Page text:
It's what they're used to.

Sure.....if they have 100 hours of total time by the time they actually solo the 182.  But are you really going to accumulate 100 hours of total time pre-solo Just so you can do primary flight training in a CAP 182?
Logged
Major
Command Pilot
Ground Branch Director
Eagle Scout
Panzerbjorn
Seasoned Member

Posts: 277
Unit: MER-NC-048

« Reply #17 on: October 03, 2017, 03:25:21 PM »

Can you imagine telling all the Instructor pilots that they are expected to provide uncompensated flight instruction to a Rating for 50,000+ cadets? 

2. ...the number of cadets whose primary goal is to obtain their Private Pilot certificate is in the minority, not majority.

So... not 25,000 (the actual number of cadets).

Isn't the argument that even one more certified pilot is a success? Why would it be in the organization's interest to stop cadets from flight training? It seemed like the original point was that CAP should care about certifying pilots because that serves all three missions of our organization, not that every flight instructor should be expected to train every cadet (and then some).

As usual though, Senior Members are out of luck since we are seen by the organization as mainly here to support the cadet program.

I think it has more to do with investing the time and resources to a Senior Member who is looking for cheap flight instruction and training, then cancelling their membership.  Mission Pilots can pursue any advanced rating they want to in CAP aircraft, and non-Mission Pilots can do it with Wing CC approval.
Logged
Major
Command Pilot
Ground Branch Director
Eagle Scout
Alaric
Salty & Seasoned Contributor

Posts: 740

« Reply #18 on: October 03, 2017, 03:36:49 PM »

Can you imagine telling all the Instructor pilots that they are expected to provide uncompensated flight instruction to a Rating for 50,000+ cadets? 

2. ...the number of cadets whose primary goal is to obtain their Private Pilot certificate is in the minority, not majority.

So... not 25,000 (the actual number of cadets).

Isn't the argument that even one more certified pilot is a success? Why would it be in the organization's interest to stop cadets from flight training? It seemed like the original point was that CAP should care about certifying pilots because that serves all three missions of our organization, not that every flight instructor should be expected to train every cadet (and then some).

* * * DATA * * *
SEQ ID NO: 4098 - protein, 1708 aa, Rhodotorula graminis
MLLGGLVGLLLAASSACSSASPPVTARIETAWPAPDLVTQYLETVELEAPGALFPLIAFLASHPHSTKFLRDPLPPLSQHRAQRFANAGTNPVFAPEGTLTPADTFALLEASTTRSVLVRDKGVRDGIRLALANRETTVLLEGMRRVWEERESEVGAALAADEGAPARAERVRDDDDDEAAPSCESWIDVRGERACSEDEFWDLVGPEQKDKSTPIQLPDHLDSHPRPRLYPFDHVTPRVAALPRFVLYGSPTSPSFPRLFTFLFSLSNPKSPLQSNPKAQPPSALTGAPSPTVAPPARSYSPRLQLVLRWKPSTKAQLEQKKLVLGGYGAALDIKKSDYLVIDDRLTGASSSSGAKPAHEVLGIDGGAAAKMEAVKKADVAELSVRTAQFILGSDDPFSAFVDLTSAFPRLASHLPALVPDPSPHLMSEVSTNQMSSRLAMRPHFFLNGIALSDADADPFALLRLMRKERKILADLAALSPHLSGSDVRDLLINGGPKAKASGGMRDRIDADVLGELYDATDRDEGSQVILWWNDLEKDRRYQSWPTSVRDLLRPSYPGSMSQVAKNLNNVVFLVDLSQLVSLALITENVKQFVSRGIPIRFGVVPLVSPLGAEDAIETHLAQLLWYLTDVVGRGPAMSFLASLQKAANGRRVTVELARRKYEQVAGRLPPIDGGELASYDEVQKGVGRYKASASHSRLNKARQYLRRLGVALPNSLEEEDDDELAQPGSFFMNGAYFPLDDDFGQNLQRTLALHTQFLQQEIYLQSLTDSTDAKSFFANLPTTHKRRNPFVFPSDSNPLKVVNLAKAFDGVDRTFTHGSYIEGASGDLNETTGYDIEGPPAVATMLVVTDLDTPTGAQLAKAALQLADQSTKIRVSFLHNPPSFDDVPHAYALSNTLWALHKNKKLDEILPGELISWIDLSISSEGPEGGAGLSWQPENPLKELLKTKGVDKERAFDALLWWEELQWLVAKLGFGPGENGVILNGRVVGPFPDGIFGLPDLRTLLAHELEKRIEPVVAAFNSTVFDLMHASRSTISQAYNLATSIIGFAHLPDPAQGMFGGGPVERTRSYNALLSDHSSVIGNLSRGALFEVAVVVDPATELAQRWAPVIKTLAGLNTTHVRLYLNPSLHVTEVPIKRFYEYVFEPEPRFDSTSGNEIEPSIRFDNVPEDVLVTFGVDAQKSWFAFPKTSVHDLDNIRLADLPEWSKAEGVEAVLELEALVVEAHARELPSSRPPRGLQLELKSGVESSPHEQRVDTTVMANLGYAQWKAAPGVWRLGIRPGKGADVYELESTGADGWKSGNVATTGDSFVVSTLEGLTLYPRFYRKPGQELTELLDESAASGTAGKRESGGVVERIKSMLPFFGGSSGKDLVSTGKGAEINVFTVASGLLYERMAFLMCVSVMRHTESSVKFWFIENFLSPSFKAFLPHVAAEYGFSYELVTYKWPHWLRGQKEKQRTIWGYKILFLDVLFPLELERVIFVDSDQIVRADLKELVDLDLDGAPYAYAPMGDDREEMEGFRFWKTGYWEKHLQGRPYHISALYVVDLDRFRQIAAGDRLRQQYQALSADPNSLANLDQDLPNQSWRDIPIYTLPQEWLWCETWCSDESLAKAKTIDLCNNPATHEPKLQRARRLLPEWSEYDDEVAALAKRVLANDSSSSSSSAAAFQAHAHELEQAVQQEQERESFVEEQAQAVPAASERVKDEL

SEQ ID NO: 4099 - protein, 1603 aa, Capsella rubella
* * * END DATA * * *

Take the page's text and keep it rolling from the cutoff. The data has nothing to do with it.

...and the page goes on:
As usual though, Senior Members are out of luck since we are seen by the organization as mainly here to support the cadet program.

I think it has more to do with investing the time and resources to a Senior Member who is looking for cheap flight instruction and training, then cancelling their membership.  Mission Pilots can pursue any advanced rating they want to in CAP aircraft, and non-Mission Pilots can do it with Wing CC approval.

I disagree, that problem could easily be solved with an agreement much as employers have that do tuition reimbursement.  It is ludicrous that we are happy to train a 16 year old to be a pilot, but a 22 year old who never had the opportunity to join CAP, sorry buddy you'll have to do it on your own time and dime.  Like I said by and large whenever opportunities come out from National its about the cadets, Seniors are seen as support and wallets
Logged
PHall
Salty & Seasoned Contributor

Posts: 5,835

« Reply #19 on: October 03, 2017, 03:44:16 PM »

C-172's are useful east of the Rockies. Pretty much worthless in the mountains and deserts. High and hot is NOT their forte'.

All aircraft have limitations.  This is why thereís always pleading to put the turbo charged stuff in the fleet out west in the mountains instead of on the east coast where itís not quite so crucial.  But the 172 is still more versatile than a 152.  Not their forte does not necessarily equate to incapable.

If youíre talking about cadet solos and flight training, are you really going to put a cadet in a 182 for their first solo?  You canít. 60-1 requires you to have 100 hours total time to fly a high performance airplane.  A cadet doing their first solo has between 10-20.

Have seen people get their Private in a C-182, not a big deal. And a cadet soloing in a C-182? Well if all of their training has been in a C-182 should be no problem.
It's what they're used to.

Sure.....if they have 100 hours of total time by the time they actually solo the 182.  But are you really going to accumulate 100 hours of total time pre-solo Just so you can do primary flight training in a CAP 182?

Who said anything about a CAP C-182? I know I didn't.
Logged
Pages: [1] 2  All Print 
CAP Talk  |  Operations  |  Aviation & Flying Activities  |  Topic: Will Cap ever buy c152's?
 


Powered by MySQL Powered by PHP SMF 2.0.13 | SMF © 2016, Simple Machines Valid XHTML 1.0! Valid CSS!
Page created in 0.459 seconds with 20 queries.